The trouble with this is that this is only a problem if:
Now, look at the following:
"An enhanced approach to capturing changes on Earth's surface via satellite could provide a more accurate account of how ice sheets, river basins and other geographic areas are changing as a result of natural and human factors. In a first application, the technique revealed sharper-than-ever details about Greenland's massive ice sheet, including that the rate at which it is melting might be accelerating more slowly than predicted."
Basically a way has been found of 'cleaning up' the satellite data to give us a more accurate picture of the rate of ice melt. again to quote:
"In addition, the enhanced detail of where and how much ice melted allowed the researchers to estimate that the annual acceleration in ice loss is much lower than previous research has suggested, roughly increasing by 8 billion tons every year. Previous estimates were as high as 30 billion tons more per year."
I think you will agree that is some difference between 30 billion and 8 billion tones a year.
One 1000 litres or kg's of water is a ton, that takes up one cubic meter. Therefore a thousand by a thousand by 1 meter square of water is one million tones. Go up another 1000 meters so you have a 1000 meter by 1000 meter by 1000 meter cube and that is equal to 1 billion tones (water is heavy!).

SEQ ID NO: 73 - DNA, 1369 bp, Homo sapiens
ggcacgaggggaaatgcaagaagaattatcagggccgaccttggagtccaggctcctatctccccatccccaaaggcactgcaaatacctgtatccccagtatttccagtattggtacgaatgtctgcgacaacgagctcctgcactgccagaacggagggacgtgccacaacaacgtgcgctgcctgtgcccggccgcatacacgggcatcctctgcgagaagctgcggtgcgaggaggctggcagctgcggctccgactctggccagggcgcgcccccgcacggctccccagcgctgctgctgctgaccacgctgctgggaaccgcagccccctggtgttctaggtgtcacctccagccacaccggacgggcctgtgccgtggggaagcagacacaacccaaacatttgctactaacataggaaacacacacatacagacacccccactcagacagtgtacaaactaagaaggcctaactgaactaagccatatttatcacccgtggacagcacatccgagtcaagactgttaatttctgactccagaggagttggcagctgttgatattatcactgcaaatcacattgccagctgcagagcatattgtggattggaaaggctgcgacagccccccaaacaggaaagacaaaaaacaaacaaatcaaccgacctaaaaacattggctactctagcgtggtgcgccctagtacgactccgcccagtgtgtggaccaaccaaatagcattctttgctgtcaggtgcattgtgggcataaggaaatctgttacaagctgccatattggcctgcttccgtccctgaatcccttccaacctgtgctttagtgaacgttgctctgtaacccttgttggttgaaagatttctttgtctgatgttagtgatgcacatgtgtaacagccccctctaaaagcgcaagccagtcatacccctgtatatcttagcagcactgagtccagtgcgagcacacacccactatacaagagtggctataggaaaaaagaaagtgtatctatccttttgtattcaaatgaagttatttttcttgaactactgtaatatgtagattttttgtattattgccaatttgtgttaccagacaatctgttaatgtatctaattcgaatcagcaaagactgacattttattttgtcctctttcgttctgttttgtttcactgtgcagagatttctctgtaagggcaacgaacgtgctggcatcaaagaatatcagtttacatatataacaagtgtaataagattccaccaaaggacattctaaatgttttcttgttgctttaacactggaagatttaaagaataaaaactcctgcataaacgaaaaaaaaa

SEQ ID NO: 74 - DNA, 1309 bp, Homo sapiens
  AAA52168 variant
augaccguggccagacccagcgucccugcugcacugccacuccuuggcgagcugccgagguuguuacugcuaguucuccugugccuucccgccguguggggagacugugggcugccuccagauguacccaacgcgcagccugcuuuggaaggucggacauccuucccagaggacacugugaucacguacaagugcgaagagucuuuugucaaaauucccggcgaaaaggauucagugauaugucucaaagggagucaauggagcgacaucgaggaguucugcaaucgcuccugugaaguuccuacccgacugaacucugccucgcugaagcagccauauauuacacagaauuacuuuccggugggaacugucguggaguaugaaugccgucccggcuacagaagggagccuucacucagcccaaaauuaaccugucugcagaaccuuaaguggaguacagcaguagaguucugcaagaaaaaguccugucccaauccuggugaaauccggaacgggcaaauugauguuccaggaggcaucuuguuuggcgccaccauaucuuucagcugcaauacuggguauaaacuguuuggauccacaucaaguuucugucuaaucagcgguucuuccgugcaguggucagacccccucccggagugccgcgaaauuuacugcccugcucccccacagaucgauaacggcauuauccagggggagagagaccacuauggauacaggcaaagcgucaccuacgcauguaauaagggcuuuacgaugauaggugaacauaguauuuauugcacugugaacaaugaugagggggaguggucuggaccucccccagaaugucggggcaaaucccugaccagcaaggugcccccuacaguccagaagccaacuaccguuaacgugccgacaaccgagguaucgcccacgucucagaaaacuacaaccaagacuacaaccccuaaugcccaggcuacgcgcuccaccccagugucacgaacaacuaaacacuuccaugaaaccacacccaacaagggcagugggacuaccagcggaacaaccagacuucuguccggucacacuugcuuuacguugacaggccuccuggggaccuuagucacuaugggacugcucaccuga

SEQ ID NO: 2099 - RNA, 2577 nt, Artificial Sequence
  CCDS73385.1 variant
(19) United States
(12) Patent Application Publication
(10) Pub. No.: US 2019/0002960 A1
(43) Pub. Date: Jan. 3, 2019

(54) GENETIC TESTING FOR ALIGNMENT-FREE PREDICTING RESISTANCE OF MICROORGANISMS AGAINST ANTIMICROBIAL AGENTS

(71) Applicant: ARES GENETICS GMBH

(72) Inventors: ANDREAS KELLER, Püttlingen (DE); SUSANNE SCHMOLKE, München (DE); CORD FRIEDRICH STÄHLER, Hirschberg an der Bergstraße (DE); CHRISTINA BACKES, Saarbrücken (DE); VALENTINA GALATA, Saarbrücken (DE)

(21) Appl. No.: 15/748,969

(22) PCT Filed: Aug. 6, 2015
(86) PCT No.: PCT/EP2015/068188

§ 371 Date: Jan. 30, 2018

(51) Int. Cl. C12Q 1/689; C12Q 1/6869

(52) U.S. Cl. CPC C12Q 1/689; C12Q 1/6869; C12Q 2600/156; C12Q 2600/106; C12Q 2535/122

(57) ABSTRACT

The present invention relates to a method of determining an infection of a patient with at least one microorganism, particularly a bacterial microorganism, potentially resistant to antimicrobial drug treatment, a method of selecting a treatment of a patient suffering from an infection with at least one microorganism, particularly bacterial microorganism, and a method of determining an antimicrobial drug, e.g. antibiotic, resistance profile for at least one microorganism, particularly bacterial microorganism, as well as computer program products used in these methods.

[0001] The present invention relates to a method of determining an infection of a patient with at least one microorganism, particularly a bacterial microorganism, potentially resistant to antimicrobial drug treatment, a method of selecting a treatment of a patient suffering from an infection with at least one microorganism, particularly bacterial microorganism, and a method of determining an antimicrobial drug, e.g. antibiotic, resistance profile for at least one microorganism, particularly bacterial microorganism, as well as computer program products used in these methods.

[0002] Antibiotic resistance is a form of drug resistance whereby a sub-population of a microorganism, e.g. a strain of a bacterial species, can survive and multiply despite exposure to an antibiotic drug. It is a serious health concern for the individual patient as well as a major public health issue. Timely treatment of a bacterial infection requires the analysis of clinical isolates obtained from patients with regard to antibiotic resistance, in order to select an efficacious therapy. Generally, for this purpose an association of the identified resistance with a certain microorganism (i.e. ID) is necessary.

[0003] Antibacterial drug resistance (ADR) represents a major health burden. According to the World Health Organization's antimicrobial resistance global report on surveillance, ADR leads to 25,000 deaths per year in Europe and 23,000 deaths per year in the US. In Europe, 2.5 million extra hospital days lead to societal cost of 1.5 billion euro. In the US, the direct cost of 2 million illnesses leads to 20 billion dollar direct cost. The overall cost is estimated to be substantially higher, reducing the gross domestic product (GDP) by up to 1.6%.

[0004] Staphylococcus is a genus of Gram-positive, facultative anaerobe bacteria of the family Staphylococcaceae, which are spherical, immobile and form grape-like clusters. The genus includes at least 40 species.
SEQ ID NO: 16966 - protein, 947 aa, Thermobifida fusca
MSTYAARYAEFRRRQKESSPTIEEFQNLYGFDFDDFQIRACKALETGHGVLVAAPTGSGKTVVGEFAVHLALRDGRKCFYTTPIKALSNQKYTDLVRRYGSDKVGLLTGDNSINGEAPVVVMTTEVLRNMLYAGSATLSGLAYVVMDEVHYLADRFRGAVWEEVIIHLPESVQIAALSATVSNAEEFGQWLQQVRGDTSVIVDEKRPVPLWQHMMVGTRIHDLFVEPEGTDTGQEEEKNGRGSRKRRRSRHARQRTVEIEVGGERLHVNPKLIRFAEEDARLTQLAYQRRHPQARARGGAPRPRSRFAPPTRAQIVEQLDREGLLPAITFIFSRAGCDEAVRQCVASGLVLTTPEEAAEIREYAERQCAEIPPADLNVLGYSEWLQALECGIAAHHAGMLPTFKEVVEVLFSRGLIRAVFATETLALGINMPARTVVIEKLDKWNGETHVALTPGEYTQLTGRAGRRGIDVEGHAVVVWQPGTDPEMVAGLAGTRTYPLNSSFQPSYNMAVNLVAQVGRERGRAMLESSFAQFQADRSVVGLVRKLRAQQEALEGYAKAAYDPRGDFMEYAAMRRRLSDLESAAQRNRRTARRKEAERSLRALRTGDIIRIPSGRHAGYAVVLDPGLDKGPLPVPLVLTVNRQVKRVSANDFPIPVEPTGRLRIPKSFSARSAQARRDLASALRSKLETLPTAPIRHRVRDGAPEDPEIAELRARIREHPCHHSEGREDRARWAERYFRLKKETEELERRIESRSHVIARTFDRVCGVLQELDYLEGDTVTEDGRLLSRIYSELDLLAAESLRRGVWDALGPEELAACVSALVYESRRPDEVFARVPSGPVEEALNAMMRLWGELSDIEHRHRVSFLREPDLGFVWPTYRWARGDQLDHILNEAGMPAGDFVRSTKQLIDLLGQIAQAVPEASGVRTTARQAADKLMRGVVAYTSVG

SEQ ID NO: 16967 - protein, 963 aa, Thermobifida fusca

Now the surface area of the Earth is 510 million square kilometers. So if we take the millimetre 'height' of our 1km cube (i.e. 1 million millimetres) and divide that by the Earth's surface area we get how much 1 billion tones of water increases surface height if equally spread across the planet, which is easy, its 1/510 of a millimetre or 0.0019 mm.
So 1 billion tones water EQUALS 0.0019 mm of surface height increase.
Basically, what is everybody getting so worried about???
Now you can't just look at Greenland and its ice melt without considering places where the ice is freezing. Have a look the graph below of Antarctic Sea Ice Extent.
Notice something strange? Yes, the Antarctic has accumulated well over a million square kilometers of sea ice above the average. Now even if that ice was just 1cm deep (likely to be far deeper in the places where it is covered, but this makes for simple maths) then that equals 10 1km cubes of water or 10 billion tones of water...
See how utterly daft it is to consider what happens in one part of the environment without the other parts? Also this points out how important it is to have accurate measurements.